Originally Published MDDI March 2005
|The global device market will continue to grow exponentially, according to Daniel Kunst, executive VP of sales at Avail.|
Avail Medical Products (Fort Worth, TX) has begun construction of a manufacturing facility in Shenzhen, China. The facility, which is scheduled to open in September 2005, will be a wholly owned subsidiary of the company. Avail will manufacture finished single-use medical devices at the 30,000-sq-ft plant.
“Sterile finished goods—where everything is handled by companies like Avail—is the fastest-growing area of outsourcing. OEMs understand that it's more cost-effective to outsource finished goods, giving all responsibility to the outsourcer,” said Daniel J. Kunst, executive vice president of sales and marketing. Kunst made the
announcement at the MD&M West conference and exhibition on January 10, 2005. “The global medical device business is expected to grow at a compound average rate of 7% through the end of the decade, with the finished goods outsource segment growing at more that twice that rate,” said Kunst.
“Our customers expect not only manufacturing, but also quality systems and supply-chain management in all of our facilities,” he added. “The plant is a wholly owned American plant on Chinese soil.”
The device industry's continued growth requires that outsourcers offer multiple alternatives in terms of capabilities, locations, continuous improvement process programs, and low-cost opportunities, he said.
The company began construction with the support of its customers. “It is part of our long-term plan that was forged with our OEM partners,” said Kunst. “It is a different outsourcing solution: it's our management, our quality system, and our supply chain.” He explained that OEMs are more comfortable using such a facility in China.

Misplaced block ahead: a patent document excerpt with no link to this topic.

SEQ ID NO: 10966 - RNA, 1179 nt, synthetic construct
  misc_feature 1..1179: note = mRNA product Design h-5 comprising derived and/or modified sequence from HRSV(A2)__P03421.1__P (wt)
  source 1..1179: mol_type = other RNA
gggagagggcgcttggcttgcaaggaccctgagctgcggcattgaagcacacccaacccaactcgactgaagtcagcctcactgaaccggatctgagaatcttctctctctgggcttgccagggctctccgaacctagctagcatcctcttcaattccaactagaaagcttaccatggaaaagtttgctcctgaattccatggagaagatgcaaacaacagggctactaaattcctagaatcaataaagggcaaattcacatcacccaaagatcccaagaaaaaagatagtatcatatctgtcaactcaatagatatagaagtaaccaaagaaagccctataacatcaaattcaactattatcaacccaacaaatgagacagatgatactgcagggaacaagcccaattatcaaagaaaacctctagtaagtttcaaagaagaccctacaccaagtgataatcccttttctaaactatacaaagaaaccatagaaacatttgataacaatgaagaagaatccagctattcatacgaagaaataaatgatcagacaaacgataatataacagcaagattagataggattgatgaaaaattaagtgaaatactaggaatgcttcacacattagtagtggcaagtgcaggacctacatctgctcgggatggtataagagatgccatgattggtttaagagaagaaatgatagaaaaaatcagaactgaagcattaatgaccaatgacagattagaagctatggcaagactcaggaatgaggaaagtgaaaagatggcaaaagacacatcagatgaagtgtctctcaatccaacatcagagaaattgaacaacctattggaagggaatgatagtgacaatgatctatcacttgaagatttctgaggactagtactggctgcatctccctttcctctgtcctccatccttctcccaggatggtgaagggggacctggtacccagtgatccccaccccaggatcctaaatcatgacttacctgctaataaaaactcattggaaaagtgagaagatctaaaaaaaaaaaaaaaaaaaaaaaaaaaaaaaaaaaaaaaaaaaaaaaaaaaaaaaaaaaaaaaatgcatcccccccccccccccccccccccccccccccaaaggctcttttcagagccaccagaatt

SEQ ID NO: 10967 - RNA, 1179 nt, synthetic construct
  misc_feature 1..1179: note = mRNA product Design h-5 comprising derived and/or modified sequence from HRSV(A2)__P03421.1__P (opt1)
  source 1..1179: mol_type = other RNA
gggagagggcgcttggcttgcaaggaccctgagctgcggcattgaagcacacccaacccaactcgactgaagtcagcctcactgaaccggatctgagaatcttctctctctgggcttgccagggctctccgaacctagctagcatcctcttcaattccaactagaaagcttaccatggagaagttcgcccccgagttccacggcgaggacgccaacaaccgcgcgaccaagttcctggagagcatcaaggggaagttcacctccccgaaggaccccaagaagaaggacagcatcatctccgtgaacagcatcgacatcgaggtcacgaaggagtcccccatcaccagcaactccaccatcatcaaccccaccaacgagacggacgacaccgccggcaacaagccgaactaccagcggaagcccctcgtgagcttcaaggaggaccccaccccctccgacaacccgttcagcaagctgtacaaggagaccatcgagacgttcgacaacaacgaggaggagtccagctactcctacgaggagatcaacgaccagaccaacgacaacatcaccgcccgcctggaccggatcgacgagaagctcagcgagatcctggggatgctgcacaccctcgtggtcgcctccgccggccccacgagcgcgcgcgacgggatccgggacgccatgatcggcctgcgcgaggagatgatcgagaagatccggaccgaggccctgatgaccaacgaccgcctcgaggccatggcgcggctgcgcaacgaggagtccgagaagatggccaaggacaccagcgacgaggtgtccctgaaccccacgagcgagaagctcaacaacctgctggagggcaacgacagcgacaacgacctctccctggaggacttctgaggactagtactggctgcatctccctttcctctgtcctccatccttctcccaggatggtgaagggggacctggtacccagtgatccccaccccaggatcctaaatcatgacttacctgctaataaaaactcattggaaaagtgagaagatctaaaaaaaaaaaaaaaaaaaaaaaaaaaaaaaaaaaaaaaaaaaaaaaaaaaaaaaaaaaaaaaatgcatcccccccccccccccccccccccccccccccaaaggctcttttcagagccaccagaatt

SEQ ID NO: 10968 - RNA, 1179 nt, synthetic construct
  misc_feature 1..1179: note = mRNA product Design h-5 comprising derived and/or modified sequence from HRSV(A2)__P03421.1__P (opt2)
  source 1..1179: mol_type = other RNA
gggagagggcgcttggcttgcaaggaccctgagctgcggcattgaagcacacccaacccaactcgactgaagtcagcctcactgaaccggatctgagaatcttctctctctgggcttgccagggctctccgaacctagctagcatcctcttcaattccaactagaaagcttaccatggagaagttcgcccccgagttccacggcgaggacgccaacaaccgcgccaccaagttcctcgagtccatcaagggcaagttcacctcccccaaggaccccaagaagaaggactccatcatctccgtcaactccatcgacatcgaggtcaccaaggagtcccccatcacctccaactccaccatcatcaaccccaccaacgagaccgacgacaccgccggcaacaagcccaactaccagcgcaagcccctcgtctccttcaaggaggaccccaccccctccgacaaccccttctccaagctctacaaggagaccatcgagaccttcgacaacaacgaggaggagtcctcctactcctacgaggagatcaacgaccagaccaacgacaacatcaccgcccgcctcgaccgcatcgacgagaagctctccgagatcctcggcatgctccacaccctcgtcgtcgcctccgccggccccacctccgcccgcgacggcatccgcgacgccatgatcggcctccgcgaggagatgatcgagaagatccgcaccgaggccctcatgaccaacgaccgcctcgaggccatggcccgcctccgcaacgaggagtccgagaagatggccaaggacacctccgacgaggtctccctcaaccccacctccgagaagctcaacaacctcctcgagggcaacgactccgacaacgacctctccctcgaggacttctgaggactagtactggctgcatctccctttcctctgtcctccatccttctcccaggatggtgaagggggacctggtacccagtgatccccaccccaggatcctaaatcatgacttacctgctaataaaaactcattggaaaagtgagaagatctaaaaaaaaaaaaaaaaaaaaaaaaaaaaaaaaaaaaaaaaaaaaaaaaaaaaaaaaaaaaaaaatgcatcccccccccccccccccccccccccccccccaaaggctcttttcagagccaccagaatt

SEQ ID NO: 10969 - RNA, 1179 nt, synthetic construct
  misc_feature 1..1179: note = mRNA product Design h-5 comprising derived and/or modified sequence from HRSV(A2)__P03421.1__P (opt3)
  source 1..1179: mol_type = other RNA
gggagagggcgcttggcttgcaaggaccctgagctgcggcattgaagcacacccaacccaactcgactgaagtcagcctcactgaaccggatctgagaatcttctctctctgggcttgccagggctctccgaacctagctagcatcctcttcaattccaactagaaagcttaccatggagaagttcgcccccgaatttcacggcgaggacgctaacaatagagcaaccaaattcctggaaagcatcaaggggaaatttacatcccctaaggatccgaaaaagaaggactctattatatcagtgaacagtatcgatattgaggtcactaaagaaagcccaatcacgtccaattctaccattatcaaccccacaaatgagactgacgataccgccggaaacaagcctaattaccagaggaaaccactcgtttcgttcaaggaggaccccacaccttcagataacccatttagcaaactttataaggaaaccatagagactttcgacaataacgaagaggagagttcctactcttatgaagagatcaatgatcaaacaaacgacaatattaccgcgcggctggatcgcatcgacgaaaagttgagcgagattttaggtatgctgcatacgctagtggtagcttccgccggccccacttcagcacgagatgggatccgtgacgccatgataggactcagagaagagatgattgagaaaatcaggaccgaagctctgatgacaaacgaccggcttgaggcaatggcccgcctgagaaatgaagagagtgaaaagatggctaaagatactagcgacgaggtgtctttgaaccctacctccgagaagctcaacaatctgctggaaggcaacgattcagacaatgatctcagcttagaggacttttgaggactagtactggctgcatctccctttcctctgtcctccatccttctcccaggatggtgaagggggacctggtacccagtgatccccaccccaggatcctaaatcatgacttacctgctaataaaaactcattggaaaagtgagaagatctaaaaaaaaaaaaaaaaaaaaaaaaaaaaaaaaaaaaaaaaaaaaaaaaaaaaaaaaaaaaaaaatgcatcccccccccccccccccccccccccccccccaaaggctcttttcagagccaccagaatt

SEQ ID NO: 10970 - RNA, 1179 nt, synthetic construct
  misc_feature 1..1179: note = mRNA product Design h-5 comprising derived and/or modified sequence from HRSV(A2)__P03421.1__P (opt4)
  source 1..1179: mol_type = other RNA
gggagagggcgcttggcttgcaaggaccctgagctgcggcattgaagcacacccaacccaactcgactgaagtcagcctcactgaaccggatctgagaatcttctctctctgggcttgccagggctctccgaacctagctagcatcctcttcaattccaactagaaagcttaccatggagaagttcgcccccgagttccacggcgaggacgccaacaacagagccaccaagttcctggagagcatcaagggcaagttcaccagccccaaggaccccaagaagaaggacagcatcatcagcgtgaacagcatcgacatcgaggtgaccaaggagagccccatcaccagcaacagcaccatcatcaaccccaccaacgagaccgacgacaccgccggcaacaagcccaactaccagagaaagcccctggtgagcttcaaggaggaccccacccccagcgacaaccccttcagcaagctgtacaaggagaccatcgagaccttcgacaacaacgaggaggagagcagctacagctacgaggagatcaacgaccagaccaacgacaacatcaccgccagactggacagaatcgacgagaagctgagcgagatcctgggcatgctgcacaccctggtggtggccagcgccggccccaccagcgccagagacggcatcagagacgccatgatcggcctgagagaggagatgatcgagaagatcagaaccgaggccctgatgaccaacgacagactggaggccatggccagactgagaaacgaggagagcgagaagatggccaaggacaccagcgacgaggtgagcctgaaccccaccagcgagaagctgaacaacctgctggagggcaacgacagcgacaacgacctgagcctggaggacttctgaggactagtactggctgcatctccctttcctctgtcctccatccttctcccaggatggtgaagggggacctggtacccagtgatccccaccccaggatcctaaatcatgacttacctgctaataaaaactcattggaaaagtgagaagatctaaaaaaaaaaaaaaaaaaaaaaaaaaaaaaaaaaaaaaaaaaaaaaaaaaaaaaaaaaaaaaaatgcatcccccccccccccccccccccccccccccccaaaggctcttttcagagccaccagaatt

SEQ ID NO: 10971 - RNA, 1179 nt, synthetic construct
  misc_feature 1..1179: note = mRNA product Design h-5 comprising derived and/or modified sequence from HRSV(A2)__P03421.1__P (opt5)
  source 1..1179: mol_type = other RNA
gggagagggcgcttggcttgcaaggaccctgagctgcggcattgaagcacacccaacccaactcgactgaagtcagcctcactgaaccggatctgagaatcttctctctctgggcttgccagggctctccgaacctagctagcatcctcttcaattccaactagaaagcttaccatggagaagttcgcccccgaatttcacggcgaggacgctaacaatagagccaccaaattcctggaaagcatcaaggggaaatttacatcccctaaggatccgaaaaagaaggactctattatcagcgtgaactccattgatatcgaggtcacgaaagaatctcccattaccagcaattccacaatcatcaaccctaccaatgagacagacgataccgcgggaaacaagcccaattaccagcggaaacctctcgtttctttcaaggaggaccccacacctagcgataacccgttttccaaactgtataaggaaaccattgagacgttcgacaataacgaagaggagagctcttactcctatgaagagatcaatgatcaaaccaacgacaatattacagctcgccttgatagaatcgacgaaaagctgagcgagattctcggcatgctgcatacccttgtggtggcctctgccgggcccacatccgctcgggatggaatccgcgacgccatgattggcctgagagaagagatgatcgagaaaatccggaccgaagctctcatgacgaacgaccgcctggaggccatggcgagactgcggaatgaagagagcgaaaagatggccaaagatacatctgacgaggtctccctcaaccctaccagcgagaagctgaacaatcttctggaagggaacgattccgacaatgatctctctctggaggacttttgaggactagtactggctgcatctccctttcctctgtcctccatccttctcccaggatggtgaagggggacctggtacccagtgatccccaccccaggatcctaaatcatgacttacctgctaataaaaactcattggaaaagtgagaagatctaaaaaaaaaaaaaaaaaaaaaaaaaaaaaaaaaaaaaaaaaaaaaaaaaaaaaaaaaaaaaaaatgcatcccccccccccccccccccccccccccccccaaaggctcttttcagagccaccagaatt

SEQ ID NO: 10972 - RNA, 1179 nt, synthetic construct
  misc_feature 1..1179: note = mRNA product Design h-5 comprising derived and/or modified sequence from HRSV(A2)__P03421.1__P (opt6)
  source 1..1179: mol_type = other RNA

The plant in China will have the same quality system and continuous improvement processes that the company has in its other facilities, Kunst said, noting that this is different from most finished medical manufacturing facilities based in China. Kunst said the plant offers its customers a regional manufacturing option for devices to be marketed in Asia. The location of the facility was chosen because of its proximity to Hong Kong, which has a large container port.
The decision to open a facility now was driven by the rising costs of labor, particularly for devices being marketed in Asia, he says. “Asia is a growth market for medical OEMs, and they need manufacturing capabilities in that market.”
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